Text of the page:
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The Creatrix Wound

Creative Women & The Guilt of Not Having a "Real Job"

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The Creatrix Wound- By Ali Mapletoft
The Creatrix Wound- By Ali Mapletoft

Creative Women & The Guilt of Not Having a “Real Job”

In my work as a success coach to creative women I come across the limiting belief that creativity itself is inherently selfish. This comes out in deeper mindset sessions when I’m helping women creatives to tackle mindset blocks that stand in the way of their financial success.

I recognize this limitation right away in my clients because I suffered from it myself for years. Creatrixes (as I like to call creative women) experience conflicting pride and shame for not enjoying regular work.

You’d be amazed at how any times a week I hear my clients say to me, “I just feel really guilty about sitting down and painting. I feel like I should be doing real work like building my website.”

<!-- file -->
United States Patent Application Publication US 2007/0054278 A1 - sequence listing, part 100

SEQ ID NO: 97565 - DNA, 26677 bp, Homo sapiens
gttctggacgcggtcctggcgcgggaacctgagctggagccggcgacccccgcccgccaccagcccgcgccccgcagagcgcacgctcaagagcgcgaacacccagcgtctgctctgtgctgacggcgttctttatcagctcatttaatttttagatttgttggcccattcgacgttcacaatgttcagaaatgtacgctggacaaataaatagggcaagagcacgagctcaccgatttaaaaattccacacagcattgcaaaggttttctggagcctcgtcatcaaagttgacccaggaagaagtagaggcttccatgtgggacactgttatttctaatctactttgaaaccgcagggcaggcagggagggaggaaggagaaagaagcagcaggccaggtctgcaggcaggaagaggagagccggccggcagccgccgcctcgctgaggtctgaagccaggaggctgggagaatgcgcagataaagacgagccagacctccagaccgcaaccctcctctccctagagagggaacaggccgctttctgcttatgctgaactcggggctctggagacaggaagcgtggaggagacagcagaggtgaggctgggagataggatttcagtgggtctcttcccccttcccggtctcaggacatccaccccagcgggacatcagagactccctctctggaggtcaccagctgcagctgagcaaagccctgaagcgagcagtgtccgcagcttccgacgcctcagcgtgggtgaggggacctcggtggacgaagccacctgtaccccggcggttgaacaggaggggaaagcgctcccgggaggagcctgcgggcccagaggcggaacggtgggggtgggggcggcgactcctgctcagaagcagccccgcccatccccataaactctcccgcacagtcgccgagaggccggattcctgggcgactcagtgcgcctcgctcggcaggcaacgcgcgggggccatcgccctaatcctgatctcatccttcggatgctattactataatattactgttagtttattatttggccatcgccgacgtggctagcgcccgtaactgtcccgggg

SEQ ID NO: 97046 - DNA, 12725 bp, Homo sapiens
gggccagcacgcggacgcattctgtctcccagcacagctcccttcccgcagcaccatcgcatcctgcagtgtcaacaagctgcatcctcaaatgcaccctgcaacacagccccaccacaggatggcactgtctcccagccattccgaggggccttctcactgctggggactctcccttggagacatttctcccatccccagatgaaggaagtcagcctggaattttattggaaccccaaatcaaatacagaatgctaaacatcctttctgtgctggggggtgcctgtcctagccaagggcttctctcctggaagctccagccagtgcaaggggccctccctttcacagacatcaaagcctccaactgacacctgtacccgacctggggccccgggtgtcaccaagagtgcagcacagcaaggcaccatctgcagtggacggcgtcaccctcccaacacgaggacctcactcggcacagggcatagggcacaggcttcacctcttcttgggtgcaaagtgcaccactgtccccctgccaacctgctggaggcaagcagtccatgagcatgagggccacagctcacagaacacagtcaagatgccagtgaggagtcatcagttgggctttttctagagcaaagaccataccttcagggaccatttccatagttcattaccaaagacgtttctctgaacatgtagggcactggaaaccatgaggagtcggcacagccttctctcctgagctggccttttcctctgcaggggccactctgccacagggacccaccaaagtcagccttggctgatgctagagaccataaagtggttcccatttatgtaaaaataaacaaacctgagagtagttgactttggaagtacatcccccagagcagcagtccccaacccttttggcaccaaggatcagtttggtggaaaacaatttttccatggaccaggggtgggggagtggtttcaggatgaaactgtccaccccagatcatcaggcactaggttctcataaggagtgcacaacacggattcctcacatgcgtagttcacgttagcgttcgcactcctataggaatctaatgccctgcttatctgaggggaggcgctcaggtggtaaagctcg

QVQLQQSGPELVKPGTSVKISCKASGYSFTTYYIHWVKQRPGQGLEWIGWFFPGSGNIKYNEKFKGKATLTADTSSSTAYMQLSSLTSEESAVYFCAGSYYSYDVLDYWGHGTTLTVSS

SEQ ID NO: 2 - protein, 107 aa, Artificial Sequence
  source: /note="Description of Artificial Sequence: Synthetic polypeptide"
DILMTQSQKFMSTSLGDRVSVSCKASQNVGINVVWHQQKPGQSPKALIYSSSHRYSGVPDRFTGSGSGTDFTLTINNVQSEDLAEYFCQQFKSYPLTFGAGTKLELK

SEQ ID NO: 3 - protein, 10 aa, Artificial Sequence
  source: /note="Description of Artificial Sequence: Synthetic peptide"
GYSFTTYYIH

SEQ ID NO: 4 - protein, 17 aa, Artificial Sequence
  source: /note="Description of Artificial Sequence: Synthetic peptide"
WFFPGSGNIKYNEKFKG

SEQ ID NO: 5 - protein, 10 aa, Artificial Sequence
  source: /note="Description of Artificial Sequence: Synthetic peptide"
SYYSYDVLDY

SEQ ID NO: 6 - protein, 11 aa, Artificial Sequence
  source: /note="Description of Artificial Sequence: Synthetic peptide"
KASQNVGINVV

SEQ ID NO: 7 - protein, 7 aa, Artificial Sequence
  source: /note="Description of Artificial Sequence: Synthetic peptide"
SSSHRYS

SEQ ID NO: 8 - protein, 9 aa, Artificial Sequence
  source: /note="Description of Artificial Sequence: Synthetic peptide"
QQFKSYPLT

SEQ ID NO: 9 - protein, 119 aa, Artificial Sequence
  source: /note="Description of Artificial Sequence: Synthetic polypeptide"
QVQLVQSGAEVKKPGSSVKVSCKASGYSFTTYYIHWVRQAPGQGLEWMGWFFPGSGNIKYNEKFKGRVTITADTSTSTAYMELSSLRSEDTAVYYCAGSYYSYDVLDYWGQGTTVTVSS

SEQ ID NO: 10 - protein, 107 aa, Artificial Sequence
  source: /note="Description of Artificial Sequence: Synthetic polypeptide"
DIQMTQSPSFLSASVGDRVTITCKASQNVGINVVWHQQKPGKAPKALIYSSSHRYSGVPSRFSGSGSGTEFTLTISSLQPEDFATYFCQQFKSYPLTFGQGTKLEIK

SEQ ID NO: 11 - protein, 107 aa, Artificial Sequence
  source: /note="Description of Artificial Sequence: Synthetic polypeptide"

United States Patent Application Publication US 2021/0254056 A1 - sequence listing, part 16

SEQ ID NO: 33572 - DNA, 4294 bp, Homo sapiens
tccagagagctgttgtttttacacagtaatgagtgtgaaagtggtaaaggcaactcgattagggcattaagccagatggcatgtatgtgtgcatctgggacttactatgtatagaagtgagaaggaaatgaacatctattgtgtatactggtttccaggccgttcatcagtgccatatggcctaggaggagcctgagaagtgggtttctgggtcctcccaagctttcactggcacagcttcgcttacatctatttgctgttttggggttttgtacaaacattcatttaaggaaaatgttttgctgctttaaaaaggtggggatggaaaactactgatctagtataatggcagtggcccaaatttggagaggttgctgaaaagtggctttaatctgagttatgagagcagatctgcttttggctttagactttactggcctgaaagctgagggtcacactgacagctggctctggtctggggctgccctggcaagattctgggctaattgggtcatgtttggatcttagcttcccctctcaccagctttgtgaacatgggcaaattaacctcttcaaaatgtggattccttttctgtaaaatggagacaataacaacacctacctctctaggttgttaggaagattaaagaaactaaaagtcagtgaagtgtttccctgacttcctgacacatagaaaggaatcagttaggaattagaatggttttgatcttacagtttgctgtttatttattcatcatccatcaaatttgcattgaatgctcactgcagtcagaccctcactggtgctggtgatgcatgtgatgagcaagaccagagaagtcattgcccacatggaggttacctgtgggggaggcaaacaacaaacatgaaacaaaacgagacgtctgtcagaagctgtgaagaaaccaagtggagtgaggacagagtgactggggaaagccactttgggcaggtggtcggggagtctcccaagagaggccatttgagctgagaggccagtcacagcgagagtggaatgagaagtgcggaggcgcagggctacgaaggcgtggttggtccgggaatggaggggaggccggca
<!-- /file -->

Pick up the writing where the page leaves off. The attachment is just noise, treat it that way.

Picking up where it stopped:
Gender and The Real Work Myth

Enjoyment can come with a price if you’re a woman.  Things we get pleasure from are described in terms of being “naughty” or “indulgent. Often we just keep them secret rather than explain ourselves. Creative women often double down on guilt because the creative work they do just doesn’t feel like work.

Messages from childhood tell us that creativity is not legitimate work

I’m from a creative family; my parents have made their living as artists all my life. Even so, creatrix guilt has stalked me when I least expected.  I can remember being 4 or 5 years old, sitting making clay animals on the step outside my parents’ pottery workshop. I hadn’t started school yet and my days were spent playing with clay or running around barefoot making tiny animals. On this one beautiful morning a policeman was passing by.  I must have caught his attention somehow, and he turned to me and said “Little girl, what are you doing playing there. Do some really work or I’ll take you to prison.”